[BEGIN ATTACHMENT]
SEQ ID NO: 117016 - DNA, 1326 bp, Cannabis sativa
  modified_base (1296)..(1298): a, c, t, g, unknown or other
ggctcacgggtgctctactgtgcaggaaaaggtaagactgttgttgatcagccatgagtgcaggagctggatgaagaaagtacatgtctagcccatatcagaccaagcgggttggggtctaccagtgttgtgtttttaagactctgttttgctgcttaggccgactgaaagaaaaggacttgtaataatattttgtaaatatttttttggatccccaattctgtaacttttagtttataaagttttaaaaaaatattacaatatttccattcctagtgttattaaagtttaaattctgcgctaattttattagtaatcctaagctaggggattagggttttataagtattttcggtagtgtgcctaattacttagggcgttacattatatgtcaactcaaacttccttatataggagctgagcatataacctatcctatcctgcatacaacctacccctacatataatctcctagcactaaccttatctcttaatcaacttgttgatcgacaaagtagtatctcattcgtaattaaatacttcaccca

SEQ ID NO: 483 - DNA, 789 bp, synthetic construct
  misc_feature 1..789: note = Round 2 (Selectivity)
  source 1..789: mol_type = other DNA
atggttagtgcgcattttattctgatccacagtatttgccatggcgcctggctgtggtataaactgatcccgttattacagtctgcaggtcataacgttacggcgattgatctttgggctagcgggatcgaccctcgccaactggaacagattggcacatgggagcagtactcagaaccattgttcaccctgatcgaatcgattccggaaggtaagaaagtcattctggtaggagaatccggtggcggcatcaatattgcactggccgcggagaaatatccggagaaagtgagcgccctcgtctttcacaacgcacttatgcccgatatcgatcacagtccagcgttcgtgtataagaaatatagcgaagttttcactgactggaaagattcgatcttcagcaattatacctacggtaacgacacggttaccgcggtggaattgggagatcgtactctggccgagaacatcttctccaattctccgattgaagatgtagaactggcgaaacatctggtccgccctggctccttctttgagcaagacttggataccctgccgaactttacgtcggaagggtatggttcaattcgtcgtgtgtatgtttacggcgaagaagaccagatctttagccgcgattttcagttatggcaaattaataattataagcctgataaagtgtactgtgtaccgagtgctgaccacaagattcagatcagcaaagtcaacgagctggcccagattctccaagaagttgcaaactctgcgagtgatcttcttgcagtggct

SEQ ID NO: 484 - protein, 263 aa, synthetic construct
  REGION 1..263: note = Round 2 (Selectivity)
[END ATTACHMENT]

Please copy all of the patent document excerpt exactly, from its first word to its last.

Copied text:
SEQ ID NO: 117016 - DNA, 1326 bp, Cannabis sativa
  modified_base (1296)..(1298): a, c, t, g, unknown or other
ggctcacgggtgctctactgtgcaggaaaaggtaagactgttgttgatcagccatgagtgcaggagctggatgaagaaagtacatgtctagcccatatcagaccaagcgggttggggtctaccagtgttgtgtttttaagactctgttttgctgcttaggccgactgaaagaaaaggacttgtaataatattttgtaaatatttttttggatccccaattctgtaacttttagtttataaagttttaaaaaaatattacaatatttccattcctagtgttattaaagtttaaattctgcgctaattttattagtaatcctaagctaggggattagggttttataagtattttcggtagtgtgcctaattacttagggcgttacattatatgtcaactcaaacttccttatataggagctgagcatataacctatcctatcctgcatacaacctacccctacatataatctcctagcactaaccttatctcttaatcaacttgttgatcgacaaagtagtatctcattcgtaattaaatacttcaccca

SEQ ID NO: 483 - DNA, 789 bp, synthetic construct
  misc_feature 1..789: note = Round 2 (Selectivity)
  source 1..789: mol_type = other DNA
atggttagtgcgcattttattctgatccacagtatttgccatggcgcctggctgtggtataaactgatcccgttattacagtctgcaggtcataacgttacggcgattgatctttgggctagcgggatcgaccctcgccaactggaacagattggcacatgggagcagtactcagaaccattgttcaccctgatcgaatcgattccggaaggtaagaaagtcattctggtaggagaatccggtggcggcatcaatattgcactggccgcggagaaatatccggagaaagtgagcgccctcgtctttcacaacgcacttatgcccgatatcgatcacagtccagcgttcgtgtataagaaatatagcgaagttttcactgactggaaagattcgatcttcagcaattatacctacggtaacgacacggttaccgcggtggaattgggagatcgtactctggccgagaacatcttctccaattctccgattgaagatgtagaactggcgaaacatctggtccgccctggctccttctttgagcaagacttggataccctgccgaactttacgtcggaagggtatggttcaattcgtcgtgtgtatgtttacggcgaagaagaccagatctttagccgcgattttcagttatggcaaattaataattataagcctgataaagtgtactgtgtaccgagtgctgaccacaagattcagatcagcaaagtcaacgagctggcccagattctccaagaagttgcaaactctgcgagtgatcttcttgcagtggct

SEQ ID NO: 484 - protein, 263 aa, synthetic construct
  REGION 1..263: note = Round 2 (Selectivity)